Jonathan Goldstein , Microsoft Research, Redmond
A.M.B.R.O.S.I.A. - Conferring Immortality on Distributed Applications
, 13:00 - 14:00
Andreas-Pftizmann-Bau, Room 3105 , Nöthnitzer Str. 46 , 01187 Dresden
When writing today’s distributed programs, which frequently span both devices and cloud services, programmers are faced with complex decisions and coding tasks around coping with failure, especially when these distributed components are stateful. If their application can be cast as pure data processing, they benefit from the past 40-50 years of work from the database community, which has shown how declarative database systems can completely isolate the developer from the possibility of failure in a performant manner. Unfortunately, while there have been some attempts at bringing similar functionality into the more general distributed programming space, a compelling general-purpose system must handle non-determinism, be performant, support a variety of machine types with varying resiliency goals, and be language agnostic, allowing distributed components written in different languages to communicate. This talk describes the first system, publicly available on GitHub, called Ambrosia, to satisfy all these requirements. We coin the term “virtual resiliency”, analogous to virtual memory, for the platform feature which allows failure oblivious code to run in a failure resilient manner. We also introduce a programming construct, the “impulse”, which resiliently handles non-deterministic information originating from outside the resilient component. Of further interest to our community is the effective reapplication of much database performance optimization technology to make Ambrosia more performant than many of today’s non-resilient cloud solutions.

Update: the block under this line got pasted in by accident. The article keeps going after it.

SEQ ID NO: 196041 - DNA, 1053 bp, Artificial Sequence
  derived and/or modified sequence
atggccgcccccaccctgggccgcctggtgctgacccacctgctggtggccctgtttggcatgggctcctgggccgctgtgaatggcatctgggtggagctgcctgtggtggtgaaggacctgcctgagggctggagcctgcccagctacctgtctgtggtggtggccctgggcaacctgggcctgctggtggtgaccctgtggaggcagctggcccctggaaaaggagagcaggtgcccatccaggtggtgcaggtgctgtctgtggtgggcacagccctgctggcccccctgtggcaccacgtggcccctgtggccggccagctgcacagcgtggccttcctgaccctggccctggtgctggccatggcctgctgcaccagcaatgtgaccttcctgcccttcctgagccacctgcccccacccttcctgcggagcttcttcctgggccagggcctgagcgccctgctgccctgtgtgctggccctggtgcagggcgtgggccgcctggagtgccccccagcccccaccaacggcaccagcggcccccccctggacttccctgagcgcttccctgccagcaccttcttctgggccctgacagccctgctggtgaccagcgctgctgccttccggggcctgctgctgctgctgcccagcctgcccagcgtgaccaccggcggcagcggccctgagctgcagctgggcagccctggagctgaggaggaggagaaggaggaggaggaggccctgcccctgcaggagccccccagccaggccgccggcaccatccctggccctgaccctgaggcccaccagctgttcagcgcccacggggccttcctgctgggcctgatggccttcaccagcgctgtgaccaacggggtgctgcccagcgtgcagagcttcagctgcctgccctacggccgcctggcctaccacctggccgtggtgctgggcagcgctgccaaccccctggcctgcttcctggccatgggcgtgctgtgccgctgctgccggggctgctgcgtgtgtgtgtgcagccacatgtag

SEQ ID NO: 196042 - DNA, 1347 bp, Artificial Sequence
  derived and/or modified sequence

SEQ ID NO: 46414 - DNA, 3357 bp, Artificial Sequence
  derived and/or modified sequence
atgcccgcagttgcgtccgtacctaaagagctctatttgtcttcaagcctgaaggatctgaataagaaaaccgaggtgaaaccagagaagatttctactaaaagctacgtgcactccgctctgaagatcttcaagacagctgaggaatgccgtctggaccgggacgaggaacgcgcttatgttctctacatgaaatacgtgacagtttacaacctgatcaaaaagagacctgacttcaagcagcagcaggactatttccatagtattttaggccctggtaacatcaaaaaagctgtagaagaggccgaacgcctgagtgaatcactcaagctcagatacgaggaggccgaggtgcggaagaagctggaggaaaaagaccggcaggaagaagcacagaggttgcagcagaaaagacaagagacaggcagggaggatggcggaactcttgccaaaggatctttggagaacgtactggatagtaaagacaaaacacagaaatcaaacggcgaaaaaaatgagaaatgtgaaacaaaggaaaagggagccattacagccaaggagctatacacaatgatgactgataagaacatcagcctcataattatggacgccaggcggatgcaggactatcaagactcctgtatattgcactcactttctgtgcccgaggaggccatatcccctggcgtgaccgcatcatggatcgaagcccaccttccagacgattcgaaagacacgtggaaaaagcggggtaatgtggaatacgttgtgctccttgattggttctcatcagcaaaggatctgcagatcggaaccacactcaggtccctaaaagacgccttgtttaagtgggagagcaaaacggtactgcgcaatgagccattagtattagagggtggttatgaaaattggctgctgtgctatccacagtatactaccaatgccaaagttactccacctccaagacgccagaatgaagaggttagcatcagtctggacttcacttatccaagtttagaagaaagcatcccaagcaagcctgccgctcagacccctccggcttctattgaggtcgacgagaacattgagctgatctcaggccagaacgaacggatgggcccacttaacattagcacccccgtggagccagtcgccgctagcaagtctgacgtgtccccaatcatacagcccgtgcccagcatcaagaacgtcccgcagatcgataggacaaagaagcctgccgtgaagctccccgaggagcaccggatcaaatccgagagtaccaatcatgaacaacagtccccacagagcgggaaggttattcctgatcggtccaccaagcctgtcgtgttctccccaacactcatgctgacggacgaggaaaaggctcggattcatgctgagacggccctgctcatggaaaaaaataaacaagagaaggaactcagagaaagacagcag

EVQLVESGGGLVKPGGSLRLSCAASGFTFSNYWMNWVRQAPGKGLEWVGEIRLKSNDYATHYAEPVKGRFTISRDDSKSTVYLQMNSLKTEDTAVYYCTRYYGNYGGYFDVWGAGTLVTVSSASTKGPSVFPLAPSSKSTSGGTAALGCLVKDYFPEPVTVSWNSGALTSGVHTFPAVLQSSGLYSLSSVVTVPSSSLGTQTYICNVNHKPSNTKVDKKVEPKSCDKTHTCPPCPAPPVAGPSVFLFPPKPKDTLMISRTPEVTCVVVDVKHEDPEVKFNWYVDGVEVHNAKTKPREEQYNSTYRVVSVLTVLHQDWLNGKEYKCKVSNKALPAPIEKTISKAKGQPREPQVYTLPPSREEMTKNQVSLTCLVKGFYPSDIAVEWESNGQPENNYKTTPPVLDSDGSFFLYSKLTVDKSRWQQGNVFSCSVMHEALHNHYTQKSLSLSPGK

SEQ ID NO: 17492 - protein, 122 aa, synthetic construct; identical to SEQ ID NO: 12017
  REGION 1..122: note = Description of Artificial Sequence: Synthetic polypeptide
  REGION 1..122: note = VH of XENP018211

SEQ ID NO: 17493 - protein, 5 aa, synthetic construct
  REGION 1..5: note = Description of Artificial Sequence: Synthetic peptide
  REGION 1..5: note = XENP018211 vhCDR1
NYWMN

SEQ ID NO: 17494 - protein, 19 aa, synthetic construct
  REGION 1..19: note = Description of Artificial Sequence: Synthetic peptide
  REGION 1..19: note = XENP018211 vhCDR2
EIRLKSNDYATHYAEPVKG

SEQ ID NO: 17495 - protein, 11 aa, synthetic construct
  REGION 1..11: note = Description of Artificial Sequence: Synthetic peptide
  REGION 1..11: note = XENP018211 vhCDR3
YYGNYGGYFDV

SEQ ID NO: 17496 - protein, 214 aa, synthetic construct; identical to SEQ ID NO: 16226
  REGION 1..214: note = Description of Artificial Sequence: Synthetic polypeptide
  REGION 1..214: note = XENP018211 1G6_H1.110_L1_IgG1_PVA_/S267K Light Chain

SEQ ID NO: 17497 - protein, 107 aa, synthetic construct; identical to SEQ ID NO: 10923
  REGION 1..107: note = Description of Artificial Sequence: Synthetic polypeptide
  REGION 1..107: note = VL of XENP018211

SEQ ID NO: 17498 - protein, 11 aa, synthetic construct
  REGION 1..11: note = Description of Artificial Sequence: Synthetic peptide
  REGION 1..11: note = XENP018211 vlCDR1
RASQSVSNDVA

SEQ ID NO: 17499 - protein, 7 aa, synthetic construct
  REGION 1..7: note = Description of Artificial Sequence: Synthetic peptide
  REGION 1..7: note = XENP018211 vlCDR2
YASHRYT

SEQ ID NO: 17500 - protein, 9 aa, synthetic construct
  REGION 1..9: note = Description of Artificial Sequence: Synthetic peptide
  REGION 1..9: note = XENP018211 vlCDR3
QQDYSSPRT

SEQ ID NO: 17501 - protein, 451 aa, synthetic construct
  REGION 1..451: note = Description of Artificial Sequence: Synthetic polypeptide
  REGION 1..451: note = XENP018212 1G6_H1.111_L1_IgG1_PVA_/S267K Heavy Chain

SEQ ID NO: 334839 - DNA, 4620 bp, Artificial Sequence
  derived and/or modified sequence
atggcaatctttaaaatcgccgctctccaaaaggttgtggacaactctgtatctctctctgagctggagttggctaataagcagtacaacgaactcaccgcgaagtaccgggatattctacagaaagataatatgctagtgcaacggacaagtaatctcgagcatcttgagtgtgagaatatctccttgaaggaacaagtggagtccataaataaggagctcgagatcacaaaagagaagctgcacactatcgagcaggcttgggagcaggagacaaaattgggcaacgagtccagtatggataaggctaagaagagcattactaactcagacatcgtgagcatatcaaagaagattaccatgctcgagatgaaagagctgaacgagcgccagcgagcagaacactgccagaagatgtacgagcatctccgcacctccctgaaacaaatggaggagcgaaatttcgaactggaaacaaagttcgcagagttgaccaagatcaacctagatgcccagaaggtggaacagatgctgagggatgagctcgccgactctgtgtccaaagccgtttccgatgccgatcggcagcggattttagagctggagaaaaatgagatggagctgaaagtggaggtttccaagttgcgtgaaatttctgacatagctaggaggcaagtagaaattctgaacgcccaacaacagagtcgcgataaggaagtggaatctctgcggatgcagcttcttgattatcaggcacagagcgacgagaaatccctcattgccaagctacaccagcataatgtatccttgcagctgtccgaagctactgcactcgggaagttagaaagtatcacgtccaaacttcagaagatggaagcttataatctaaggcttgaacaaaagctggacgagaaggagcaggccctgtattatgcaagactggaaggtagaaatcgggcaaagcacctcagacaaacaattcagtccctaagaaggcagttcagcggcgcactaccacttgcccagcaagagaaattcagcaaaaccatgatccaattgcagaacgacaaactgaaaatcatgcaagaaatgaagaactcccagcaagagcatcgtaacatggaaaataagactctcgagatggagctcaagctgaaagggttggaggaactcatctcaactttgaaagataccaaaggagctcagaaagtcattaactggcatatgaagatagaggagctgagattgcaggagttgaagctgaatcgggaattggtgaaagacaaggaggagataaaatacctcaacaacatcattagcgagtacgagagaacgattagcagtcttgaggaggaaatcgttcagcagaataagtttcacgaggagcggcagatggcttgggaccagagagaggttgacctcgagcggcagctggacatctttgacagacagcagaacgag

Over the last 20 years, I have worked at Microsoft in a combination of research and product roles. In particular, I’ve spent about 15 years as a researcher at MSR, doing fundamental research in streaming, big data processing, databases, and distributed computing. My style of working is to attack difficult problems, and through fundamental understanding and insight, create new artifacts that enable important problems to be solved in vastly better ways. For instance, my work on streaming data processing enabled people with real time data processing problems to specify their processing logic in new, powerful ways, and also resulted in an artifact called Trill, which was orders of magnitude more performant than anything which preceded it. Within the academic community, I have published many papers, some with best paper awards (e.g. Best Paper Award at ICDE 2012), and two with test of time awards (e.g. SIGMOD 2011 Test of Time award and ICDT 2018 Test of Time award), and have also taken many organizational roles in database conferences. My research has also had significant impact on many Microsoft products, including SQL Server, Office, Windows, Bing, and Halo, as well as leading to the creation of entirely new products like Microsoft StreamInsight, Azure Stream Analytics, Trill, and most recently, Ambrosia. I spent 5 years building Microsoft StreamInsight, serving as a founder and architect for the product. Trill has become the de-facto standard for temporal and stream data processing within Microsoft, and years after creation, is still the most expressive and performant general purpose stream data processor in the world. I am also an inventor of 30+ patents.